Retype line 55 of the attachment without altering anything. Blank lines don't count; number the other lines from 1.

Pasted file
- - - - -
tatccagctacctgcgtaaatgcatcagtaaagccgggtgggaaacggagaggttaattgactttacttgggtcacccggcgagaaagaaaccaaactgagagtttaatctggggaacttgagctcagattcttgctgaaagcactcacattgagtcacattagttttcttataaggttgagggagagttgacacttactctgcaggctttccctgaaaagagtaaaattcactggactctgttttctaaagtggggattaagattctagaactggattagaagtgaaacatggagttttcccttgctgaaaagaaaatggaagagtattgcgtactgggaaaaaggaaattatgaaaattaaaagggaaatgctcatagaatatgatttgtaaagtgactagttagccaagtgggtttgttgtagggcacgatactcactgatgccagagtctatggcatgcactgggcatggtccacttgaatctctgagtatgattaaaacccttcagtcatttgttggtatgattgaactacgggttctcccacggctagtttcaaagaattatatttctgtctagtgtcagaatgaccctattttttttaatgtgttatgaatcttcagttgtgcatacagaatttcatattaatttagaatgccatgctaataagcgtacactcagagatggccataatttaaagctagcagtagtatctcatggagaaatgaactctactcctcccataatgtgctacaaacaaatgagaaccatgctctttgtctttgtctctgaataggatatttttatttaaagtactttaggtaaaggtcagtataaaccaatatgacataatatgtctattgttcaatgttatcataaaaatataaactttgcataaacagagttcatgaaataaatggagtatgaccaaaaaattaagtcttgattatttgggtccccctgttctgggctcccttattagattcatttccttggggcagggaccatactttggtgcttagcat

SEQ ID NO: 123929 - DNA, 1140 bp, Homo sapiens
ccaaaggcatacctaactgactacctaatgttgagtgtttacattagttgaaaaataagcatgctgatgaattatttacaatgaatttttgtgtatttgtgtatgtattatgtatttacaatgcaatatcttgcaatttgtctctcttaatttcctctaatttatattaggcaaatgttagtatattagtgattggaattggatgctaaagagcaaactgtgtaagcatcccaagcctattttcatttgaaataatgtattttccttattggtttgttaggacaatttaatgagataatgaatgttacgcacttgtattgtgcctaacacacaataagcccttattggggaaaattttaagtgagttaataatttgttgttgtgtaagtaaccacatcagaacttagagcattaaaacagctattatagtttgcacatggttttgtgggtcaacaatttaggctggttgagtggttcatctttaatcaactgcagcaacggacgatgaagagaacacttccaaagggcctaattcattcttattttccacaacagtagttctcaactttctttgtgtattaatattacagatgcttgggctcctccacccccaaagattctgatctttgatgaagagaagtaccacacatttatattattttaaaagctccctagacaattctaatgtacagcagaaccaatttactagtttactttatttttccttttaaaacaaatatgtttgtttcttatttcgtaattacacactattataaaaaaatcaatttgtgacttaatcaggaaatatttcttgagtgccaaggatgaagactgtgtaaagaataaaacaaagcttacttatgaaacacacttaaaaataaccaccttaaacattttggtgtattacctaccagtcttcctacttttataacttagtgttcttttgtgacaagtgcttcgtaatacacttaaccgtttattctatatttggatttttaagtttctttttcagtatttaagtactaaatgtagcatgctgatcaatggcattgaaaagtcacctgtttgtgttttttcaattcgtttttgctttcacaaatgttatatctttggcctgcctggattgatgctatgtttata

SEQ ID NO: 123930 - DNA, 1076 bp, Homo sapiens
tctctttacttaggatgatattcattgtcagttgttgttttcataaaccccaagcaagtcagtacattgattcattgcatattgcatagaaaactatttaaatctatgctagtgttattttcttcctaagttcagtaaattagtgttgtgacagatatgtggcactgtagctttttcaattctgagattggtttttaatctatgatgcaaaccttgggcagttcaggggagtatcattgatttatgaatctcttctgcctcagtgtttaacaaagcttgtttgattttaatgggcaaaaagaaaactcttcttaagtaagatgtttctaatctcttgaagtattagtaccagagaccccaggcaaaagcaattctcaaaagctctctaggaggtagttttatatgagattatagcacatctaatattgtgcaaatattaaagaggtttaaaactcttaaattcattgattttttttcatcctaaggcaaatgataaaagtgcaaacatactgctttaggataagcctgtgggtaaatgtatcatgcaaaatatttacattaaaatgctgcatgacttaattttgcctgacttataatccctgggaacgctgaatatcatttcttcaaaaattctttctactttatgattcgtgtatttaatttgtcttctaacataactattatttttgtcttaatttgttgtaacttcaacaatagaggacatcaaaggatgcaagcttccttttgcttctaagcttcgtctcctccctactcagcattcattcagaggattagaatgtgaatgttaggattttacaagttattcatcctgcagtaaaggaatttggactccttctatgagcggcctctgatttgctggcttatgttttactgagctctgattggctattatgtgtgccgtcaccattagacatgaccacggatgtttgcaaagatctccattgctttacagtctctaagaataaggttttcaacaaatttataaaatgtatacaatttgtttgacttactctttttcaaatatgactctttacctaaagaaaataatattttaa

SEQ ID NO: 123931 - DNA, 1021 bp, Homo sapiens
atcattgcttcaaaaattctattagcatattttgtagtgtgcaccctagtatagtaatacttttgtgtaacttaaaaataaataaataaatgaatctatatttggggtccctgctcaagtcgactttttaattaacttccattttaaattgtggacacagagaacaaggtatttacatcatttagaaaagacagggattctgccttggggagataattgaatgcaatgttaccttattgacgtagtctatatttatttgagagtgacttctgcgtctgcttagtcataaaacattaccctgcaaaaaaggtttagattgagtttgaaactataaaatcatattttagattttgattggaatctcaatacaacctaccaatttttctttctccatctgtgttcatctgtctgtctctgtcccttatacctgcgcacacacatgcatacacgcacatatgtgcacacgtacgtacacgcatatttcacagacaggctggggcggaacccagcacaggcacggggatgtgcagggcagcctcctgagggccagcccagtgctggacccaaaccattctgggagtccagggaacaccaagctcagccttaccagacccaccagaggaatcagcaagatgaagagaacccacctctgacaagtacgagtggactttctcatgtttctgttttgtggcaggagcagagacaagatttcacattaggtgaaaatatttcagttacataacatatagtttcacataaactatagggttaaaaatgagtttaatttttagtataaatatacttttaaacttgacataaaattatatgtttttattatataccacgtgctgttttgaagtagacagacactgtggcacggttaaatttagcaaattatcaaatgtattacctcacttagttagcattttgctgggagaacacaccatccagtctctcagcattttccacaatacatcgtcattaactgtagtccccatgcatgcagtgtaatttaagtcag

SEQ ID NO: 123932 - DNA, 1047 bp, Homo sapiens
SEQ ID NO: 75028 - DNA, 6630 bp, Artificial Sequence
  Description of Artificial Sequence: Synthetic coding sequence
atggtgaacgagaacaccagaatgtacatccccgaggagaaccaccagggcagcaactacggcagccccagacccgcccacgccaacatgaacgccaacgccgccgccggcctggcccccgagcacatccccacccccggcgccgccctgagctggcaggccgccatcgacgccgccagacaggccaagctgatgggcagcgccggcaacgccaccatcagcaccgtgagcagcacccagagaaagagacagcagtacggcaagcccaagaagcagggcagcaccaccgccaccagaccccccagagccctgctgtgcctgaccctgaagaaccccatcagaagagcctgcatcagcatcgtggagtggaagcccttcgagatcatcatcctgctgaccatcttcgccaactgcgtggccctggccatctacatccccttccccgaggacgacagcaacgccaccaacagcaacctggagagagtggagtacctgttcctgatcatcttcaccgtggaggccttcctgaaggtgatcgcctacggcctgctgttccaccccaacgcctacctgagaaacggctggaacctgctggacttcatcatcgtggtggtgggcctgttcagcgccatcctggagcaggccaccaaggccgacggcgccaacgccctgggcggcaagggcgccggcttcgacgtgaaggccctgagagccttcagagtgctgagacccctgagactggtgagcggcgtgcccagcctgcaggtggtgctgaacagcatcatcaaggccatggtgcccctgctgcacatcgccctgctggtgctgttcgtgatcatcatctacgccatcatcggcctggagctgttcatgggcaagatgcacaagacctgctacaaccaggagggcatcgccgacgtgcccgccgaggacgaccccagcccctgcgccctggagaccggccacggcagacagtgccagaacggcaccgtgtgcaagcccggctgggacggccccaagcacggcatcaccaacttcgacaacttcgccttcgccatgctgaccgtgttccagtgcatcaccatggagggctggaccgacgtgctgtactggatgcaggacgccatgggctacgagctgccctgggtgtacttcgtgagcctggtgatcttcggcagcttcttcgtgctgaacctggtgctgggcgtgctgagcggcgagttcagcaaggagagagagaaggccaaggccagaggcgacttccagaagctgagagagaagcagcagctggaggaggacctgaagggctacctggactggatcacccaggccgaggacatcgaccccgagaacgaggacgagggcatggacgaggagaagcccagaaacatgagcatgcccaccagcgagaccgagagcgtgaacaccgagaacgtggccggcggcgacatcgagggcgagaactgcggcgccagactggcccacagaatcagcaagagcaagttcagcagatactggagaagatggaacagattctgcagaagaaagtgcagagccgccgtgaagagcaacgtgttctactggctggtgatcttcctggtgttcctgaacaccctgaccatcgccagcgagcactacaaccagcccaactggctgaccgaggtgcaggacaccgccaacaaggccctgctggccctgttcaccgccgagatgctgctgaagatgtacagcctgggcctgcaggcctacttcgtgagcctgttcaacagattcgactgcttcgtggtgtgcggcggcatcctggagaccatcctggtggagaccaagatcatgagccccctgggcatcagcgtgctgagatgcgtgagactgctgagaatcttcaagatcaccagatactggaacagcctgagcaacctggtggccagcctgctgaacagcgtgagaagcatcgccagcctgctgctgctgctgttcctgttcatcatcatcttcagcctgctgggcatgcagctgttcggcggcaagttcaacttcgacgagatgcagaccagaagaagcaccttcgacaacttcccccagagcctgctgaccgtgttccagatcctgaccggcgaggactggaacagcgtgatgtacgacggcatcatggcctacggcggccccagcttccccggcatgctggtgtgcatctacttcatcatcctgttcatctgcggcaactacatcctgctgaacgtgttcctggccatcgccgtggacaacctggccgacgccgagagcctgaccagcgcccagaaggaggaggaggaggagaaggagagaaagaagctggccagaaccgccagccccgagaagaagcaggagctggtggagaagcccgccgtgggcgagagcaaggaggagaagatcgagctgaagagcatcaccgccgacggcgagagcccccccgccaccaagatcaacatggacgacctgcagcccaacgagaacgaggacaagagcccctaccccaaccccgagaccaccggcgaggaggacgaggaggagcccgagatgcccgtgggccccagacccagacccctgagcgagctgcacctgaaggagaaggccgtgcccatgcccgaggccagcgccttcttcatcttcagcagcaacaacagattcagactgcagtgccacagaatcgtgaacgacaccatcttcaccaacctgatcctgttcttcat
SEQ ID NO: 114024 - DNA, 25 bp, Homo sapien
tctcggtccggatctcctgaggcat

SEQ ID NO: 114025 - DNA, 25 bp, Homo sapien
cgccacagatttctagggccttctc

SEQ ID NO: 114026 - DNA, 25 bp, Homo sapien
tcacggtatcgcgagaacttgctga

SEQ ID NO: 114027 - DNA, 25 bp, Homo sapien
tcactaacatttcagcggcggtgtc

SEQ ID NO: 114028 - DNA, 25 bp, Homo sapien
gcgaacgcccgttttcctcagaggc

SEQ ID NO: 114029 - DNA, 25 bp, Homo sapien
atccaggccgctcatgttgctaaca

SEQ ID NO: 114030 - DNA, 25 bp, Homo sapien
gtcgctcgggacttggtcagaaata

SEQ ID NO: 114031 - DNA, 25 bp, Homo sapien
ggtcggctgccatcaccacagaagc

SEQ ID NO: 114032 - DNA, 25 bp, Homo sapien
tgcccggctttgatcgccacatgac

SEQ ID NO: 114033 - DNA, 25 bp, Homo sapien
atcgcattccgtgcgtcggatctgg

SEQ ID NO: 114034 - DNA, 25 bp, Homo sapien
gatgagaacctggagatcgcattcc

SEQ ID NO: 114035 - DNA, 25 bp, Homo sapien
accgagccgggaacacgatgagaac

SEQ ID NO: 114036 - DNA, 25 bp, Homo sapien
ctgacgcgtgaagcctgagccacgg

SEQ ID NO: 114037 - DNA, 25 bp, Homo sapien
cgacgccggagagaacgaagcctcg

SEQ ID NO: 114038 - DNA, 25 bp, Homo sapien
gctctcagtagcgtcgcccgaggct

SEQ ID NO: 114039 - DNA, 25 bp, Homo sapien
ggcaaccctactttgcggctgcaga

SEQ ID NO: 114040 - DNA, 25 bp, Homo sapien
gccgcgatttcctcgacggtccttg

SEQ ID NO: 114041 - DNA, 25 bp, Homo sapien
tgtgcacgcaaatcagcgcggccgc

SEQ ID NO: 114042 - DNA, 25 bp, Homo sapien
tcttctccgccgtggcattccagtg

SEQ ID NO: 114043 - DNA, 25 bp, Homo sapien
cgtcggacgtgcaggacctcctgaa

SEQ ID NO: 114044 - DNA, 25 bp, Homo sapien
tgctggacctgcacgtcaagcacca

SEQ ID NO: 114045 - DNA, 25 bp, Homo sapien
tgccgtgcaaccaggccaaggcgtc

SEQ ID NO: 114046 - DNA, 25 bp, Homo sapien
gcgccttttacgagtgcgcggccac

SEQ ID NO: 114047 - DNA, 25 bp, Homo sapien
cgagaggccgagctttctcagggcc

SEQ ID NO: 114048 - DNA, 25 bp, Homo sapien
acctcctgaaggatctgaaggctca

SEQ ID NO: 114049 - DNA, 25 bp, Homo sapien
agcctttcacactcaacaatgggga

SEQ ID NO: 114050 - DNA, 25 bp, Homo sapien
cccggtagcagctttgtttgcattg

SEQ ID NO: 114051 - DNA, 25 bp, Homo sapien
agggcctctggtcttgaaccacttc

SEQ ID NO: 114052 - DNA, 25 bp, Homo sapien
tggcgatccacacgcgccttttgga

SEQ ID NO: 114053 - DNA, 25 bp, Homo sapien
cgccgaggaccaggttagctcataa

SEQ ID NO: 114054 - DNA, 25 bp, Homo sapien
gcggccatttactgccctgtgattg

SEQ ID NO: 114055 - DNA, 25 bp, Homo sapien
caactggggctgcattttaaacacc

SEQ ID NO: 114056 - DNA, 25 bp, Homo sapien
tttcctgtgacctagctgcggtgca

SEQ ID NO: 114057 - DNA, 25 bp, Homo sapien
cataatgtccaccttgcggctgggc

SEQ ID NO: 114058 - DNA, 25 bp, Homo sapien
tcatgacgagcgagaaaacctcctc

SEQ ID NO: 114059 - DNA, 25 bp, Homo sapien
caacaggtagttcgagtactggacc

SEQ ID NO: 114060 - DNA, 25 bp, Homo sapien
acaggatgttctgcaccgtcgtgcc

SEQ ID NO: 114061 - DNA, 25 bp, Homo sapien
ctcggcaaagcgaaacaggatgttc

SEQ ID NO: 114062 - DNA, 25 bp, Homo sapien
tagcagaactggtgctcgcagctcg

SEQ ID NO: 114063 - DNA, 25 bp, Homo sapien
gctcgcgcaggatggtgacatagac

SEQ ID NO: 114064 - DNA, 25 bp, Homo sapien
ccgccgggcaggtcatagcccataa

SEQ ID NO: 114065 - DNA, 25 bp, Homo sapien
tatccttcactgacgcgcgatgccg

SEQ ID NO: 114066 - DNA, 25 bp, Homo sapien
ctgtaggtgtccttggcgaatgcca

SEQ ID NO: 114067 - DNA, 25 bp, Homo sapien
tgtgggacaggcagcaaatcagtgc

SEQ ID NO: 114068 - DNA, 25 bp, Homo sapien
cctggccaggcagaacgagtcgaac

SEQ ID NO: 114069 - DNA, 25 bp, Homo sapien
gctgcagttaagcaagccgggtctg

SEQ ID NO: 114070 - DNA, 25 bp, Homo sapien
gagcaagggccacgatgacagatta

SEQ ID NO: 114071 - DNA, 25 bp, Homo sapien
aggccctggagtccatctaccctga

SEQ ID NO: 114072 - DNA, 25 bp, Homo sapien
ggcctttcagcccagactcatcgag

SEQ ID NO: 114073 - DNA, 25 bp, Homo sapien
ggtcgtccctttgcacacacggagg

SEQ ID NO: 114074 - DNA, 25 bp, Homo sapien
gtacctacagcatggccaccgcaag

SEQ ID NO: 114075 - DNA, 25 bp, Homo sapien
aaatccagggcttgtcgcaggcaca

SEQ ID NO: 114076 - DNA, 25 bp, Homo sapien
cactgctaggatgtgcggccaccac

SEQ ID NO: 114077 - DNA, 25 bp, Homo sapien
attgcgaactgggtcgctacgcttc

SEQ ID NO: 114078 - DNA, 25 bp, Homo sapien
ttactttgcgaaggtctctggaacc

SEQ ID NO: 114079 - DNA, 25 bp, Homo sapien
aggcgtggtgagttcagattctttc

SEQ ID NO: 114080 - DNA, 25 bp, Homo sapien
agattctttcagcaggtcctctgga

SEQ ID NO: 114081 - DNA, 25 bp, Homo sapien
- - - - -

tgccgtgcaaccaggccaaggcgtc